A particular case that can affect estimates of cortical volume and thickness is the difficulty in discriminating the dura and gray matter due to the similar intensity and anatomical proximity. In this case,  MRI parameters can be manipulated in order to increase the contrast between these tissues, without reducing the contrast between gray and white matter. Individual variability in folding patterns is a further major issue in voxel-based morphometry studies because it complicates the mapping of correspondences between subjects. Registration might be enhanced by analyzing regions with larger variation to find possible anatomical alterations, aligning cortical folding patterns to locate corresponding areas, and mapping sulcal changes to improve sulci identification. Finally, researchers should continuously keep track of the constant advances and innovations in the field. The authors conclude acknowledging the importance of structural MRI when coupled with other biological information, like genetic expression (Allen Brain Atlas), cytoarchitecture (JuBrain), and cognitive associations (Neurosynth).

Sofia Pedro


Open-access 3D morphological datasets

morphosourceMorphoSource, is a dataset project for storing, collaborative sharing, and distribution of microCT scans, 3D surface rendering, and 2D digital imaging. Its main goal is to provide rapid access to as many researchers as possible, large numbers of raw microCT data, and surface meshes representing vouchered specimens. The site is active since April 2013 and now hosts almost 5000 files, including ‘raw’ microCT volumetric data, mesh files  from laser scans, and 2D digital photographs (file formats include tiff, dicom, stanford ply, and stl). MorphoSource, allow to download a world-wide repository-vouchered digitalized specimens from 48 institutions (American Museum of Natural History; Muséum National d’Histoire Naturelle; Natural History Museum Vienna, see more in Institutions). Currently the amount of information related with genus Homo is limited to Homo sapiens; however the site dataset is growing rapidly, and in the future it will be an interesting source of data for Paleoanthropologists too.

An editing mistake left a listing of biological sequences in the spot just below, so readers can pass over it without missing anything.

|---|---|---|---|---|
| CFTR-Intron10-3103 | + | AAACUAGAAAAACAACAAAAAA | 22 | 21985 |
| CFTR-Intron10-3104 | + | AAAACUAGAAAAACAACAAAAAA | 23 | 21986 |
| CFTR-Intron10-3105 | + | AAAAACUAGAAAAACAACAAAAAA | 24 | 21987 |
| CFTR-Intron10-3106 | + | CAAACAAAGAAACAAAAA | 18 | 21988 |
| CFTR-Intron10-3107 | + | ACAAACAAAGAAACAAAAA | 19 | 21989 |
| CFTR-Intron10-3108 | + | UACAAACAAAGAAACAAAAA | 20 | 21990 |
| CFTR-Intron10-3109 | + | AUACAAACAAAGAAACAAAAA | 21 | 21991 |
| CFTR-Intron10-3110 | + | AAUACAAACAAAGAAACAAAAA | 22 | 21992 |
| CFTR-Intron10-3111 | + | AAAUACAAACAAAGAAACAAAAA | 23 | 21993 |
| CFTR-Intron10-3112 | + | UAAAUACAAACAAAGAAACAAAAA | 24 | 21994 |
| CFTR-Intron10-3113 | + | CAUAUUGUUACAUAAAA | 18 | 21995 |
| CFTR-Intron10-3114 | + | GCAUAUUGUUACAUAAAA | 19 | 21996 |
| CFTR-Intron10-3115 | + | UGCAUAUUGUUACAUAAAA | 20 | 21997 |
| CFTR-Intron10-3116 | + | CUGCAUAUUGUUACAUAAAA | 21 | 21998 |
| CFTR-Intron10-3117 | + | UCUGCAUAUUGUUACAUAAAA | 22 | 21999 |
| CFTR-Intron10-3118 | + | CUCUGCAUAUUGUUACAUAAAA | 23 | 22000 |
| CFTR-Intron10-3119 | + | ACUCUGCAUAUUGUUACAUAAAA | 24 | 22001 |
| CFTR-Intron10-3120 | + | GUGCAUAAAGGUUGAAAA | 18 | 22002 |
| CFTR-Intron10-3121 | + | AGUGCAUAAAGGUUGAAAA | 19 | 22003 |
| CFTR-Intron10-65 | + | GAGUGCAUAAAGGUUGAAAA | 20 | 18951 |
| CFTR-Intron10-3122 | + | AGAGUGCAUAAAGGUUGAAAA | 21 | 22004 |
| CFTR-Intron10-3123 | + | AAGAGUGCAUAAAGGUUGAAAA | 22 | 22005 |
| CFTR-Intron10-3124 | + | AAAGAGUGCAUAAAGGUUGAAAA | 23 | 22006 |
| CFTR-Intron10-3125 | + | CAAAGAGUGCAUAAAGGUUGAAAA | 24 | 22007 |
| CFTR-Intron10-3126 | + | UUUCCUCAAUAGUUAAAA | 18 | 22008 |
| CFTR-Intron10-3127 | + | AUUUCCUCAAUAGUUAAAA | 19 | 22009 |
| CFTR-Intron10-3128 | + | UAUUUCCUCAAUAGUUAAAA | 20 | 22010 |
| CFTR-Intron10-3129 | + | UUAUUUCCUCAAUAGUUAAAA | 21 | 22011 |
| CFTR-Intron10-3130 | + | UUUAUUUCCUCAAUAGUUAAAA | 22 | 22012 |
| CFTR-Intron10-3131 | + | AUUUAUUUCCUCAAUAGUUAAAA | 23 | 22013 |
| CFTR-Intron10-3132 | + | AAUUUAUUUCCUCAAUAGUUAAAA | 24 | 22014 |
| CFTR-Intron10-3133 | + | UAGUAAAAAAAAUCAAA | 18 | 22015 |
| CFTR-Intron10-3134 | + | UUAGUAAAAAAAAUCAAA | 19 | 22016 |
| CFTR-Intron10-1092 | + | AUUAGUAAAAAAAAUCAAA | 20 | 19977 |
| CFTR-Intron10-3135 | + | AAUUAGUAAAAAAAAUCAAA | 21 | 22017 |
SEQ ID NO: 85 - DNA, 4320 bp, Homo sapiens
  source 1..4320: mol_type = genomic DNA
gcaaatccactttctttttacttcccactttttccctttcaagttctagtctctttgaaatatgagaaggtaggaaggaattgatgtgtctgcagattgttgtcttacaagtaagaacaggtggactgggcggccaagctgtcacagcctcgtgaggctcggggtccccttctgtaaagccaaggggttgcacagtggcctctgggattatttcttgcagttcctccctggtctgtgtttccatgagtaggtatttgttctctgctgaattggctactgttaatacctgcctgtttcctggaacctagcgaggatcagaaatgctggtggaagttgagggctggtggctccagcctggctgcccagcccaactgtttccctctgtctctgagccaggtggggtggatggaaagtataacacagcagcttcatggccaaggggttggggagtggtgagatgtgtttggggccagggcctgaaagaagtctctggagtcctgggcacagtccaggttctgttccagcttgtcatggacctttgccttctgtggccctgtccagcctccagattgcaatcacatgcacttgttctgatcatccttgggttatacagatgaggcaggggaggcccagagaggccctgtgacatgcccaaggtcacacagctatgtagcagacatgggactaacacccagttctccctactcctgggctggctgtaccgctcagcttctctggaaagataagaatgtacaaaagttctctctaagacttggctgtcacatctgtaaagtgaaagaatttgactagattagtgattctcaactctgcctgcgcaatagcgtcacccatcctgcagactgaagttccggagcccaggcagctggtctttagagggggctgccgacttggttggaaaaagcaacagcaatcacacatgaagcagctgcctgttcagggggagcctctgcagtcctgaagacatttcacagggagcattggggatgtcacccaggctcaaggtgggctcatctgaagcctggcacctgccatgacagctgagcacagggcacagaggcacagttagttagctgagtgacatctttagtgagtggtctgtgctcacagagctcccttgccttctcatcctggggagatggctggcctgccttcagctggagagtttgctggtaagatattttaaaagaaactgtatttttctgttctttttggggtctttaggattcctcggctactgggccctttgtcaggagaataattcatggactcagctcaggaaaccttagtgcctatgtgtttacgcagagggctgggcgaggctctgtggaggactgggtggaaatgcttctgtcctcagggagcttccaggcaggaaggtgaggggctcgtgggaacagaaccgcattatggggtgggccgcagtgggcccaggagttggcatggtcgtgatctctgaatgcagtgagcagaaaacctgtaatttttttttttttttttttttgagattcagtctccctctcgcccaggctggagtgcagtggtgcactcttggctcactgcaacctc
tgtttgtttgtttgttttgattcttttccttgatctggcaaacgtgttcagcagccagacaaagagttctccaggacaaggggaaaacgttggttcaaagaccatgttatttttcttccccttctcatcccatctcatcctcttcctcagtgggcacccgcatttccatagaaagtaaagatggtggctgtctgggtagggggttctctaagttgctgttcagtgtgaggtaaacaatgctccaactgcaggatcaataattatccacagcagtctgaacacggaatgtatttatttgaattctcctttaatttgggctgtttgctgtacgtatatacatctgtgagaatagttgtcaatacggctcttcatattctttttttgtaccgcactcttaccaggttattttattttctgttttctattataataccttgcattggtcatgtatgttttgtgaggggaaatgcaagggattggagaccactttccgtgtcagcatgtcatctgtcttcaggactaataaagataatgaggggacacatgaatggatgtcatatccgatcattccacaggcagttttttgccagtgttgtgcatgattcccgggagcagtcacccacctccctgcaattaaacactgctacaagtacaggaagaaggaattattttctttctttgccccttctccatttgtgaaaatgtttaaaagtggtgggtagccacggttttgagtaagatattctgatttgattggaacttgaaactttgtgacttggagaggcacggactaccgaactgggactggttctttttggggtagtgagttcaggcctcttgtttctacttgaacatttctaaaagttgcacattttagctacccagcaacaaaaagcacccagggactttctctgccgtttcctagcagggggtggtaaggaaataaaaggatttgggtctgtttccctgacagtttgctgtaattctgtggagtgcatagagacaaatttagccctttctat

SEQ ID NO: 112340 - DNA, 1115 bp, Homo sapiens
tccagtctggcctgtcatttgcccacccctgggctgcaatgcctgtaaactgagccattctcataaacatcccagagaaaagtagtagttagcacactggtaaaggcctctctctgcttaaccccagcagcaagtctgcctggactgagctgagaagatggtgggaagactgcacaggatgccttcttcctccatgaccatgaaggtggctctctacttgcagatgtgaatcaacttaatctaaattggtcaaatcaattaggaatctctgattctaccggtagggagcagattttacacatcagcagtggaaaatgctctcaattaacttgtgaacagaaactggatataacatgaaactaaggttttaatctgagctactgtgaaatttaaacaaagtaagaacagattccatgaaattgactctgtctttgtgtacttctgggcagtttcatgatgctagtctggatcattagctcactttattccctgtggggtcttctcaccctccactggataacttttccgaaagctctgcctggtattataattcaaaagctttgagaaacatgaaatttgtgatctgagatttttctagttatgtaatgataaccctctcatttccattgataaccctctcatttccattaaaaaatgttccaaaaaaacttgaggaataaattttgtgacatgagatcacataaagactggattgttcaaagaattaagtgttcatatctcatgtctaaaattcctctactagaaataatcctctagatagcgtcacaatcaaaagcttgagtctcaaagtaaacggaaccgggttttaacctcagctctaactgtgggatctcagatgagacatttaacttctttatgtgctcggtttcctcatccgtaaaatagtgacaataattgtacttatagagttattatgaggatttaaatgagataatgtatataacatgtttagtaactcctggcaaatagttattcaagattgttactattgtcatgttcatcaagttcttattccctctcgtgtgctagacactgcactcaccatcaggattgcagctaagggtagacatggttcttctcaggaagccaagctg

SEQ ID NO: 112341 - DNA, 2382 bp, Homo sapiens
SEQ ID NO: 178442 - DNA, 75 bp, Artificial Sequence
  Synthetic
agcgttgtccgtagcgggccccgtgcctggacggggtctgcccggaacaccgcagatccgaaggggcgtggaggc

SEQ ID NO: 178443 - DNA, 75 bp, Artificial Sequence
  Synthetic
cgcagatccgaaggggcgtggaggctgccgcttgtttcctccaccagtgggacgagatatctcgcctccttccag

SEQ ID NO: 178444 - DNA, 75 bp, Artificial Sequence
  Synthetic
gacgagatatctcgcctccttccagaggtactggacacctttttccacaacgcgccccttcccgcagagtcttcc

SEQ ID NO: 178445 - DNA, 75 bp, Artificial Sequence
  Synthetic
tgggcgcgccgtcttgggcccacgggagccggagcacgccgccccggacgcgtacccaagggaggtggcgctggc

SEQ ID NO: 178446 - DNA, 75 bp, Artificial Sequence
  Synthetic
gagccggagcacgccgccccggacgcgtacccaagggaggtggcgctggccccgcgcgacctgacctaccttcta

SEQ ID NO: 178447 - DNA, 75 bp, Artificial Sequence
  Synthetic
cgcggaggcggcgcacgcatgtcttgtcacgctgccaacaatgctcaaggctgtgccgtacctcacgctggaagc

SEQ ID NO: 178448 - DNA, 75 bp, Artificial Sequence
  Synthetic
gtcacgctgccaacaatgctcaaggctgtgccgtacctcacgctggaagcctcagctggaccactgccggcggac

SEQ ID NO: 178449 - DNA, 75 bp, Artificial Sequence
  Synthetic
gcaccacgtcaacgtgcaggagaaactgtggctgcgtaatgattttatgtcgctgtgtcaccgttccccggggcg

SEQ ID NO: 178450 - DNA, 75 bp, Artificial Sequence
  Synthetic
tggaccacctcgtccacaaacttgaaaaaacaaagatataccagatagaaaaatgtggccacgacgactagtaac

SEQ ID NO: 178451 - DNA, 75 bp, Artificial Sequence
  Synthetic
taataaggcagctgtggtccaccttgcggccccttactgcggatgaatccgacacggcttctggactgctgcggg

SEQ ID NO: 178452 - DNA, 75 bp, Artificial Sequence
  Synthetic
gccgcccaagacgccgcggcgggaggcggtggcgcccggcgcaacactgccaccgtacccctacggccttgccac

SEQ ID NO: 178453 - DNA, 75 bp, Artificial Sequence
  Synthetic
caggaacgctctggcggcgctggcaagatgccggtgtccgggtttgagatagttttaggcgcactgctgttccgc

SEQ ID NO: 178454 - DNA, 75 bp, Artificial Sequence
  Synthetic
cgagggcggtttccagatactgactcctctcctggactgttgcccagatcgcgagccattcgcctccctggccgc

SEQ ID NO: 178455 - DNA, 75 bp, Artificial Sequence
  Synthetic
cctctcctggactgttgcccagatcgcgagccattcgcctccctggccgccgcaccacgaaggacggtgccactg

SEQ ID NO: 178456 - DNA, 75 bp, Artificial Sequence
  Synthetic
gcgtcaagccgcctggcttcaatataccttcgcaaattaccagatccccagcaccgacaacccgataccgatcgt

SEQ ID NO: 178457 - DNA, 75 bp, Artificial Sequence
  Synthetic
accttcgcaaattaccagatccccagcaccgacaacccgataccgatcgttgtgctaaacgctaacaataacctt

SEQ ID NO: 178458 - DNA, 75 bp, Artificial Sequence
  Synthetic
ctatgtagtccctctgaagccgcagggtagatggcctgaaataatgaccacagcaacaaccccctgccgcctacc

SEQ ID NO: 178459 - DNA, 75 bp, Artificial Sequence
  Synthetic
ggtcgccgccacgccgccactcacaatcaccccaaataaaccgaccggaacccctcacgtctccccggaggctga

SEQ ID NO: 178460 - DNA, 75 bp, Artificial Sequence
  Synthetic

Gizéh Rangel de Lázaro


Digital reconstruction

piece“Replacement of Neanderthals by Modern Humans” (RNMH) is a project aimed at investigating possible cognitive and behavioural  differences between these two human groups. I belong to the team coordinated by Naomichi Ogihara at the Keio University, and we have now published a review article  about digital reconstruction of fossil crania and analysis of their brain morphology. As engineers, we are trying to reconstruct the brain anatomy of Neanderthals and early modern humans according to numerical approaches and mathematical models. Soft tissues do not fossilize, so we are trying to provide a spatial estimation of the brain anatomical organization. As a first step, restoration of the original cranial morphology is necessary, because fossil remains are often fractured, fragmented, and deformed because of the taphonomic and diagenetic processes. Digital tools and virtual simulation procedures are used to achieve a more precise and objective morphological reconstruction. Mathematical approaches are applied in such computational techniques. For example, cranial fragments are assembled based on smoothness (minimizing fitting error) of their joints. The deformation is corrected by affine transformation or thin-plate spline (TPS) function based on bilateral symmetry. Missing parts are interpolated by several mathematical approaches. This new paper reviews the current status of methods in computed anatomy, and it presents an overview on digital reconstruction of fossil crania, aimed at supplying computed methods to estimate their brain morphology.